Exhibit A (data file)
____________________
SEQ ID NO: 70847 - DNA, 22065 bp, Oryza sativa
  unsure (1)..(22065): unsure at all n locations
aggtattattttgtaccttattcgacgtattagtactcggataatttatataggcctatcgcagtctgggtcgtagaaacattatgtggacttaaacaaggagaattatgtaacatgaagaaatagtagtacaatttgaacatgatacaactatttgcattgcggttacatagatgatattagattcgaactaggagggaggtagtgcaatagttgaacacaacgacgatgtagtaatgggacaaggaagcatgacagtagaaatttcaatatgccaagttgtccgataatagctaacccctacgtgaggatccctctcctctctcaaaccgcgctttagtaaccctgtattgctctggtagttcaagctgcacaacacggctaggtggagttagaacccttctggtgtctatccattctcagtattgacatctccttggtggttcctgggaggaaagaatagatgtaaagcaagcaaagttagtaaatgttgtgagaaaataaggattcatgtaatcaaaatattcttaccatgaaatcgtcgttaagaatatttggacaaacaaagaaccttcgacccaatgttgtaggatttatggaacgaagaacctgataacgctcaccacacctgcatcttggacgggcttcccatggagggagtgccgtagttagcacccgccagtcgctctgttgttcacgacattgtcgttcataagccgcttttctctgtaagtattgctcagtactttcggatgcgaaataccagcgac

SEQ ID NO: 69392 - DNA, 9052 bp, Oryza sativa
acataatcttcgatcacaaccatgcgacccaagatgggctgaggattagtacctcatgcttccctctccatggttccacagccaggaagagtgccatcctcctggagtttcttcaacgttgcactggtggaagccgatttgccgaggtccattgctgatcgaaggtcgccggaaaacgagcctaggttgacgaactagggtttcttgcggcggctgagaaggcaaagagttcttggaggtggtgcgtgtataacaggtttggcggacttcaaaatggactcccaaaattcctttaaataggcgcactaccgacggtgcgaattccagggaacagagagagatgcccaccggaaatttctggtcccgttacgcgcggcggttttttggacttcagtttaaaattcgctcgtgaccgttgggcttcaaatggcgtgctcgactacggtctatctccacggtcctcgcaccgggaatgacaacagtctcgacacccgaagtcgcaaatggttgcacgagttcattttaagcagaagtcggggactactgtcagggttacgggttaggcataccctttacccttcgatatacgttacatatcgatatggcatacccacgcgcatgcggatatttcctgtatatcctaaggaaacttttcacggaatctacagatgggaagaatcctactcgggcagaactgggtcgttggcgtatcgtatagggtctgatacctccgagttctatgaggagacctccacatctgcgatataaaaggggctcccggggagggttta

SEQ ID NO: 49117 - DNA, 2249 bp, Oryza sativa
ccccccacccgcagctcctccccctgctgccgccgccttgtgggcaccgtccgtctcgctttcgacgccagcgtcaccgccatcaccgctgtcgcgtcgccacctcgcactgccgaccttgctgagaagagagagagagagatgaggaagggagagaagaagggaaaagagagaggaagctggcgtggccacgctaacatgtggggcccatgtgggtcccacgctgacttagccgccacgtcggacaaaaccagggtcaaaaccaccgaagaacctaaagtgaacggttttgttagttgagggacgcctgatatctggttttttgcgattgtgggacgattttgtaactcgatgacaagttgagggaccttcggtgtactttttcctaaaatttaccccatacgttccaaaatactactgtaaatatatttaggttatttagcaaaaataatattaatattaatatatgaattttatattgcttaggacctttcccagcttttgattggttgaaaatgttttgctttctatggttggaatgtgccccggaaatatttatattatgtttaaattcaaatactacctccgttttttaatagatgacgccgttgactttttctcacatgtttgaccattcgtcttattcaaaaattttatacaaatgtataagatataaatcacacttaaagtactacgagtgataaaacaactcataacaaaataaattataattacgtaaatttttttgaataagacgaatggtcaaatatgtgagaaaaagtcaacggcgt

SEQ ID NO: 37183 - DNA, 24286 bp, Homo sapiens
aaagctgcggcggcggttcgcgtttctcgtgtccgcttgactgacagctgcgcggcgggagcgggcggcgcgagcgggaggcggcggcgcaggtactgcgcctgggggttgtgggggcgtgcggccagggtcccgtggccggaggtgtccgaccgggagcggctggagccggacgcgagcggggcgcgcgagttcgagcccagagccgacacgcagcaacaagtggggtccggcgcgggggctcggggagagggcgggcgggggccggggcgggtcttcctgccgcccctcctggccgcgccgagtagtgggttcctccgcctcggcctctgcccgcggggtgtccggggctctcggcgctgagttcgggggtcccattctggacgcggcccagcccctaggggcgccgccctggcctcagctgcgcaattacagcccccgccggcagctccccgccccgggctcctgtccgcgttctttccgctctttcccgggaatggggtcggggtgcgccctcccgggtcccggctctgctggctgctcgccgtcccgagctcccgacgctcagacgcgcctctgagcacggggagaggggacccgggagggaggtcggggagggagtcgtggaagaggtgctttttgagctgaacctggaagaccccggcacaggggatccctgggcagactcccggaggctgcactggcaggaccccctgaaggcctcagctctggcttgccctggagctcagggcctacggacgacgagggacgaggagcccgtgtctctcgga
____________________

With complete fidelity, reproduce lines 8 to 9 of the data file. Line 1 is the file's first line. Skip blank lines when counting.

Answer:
SEQ ID NO: 37183 - DNA, 24286 bp, Homo sapiens
aaagctgcggcggcggttcgcgtttctcgtgtccgcttgactgacagctgcgcggcgggagcgggcggcgcgagcgggaggcggcggcgcaggtactgcgcctgggggttgtgggggcgtgcggccagggtcccgtggccggaggtgtccgaccgggagcggctggagccggacgcgagcggggcgcgcgagttcgagcccagagccgacacgcagcaacaagtggggtccggcgcgggggctcggggagagggcgggcgggggccggggcgggtcttcctgccgcccctcctggccgcgccgagtagtgggttcctccgcctcggcctctgcccgcggggtgtccggggctctcggcgctgagttcgggggtcccattctggacgcggcccagcccctaggggcgccgccctggcctcagctgcgcaattacagcccccgccggcagctccccgccccgggctcctgtccgcgttctttccgctctttcccgggaatggggtcggggtgcgccctcccgggtcccggctctgctggctgctcgccgtcccgagctcccgacgctcagacgcgcctctgagcacggggagaggggacccgggagggaggtcggggagggagtcgtggaagaggtgctttttgagctgaacctggaagaccccggcacaggggatccctgggcagactcccggaggctgcactggcaggaccccctgaaggcctcagctctggcttgccctggagctcagggcctacggacgacgagggacgaggagcccgtgtctctcgga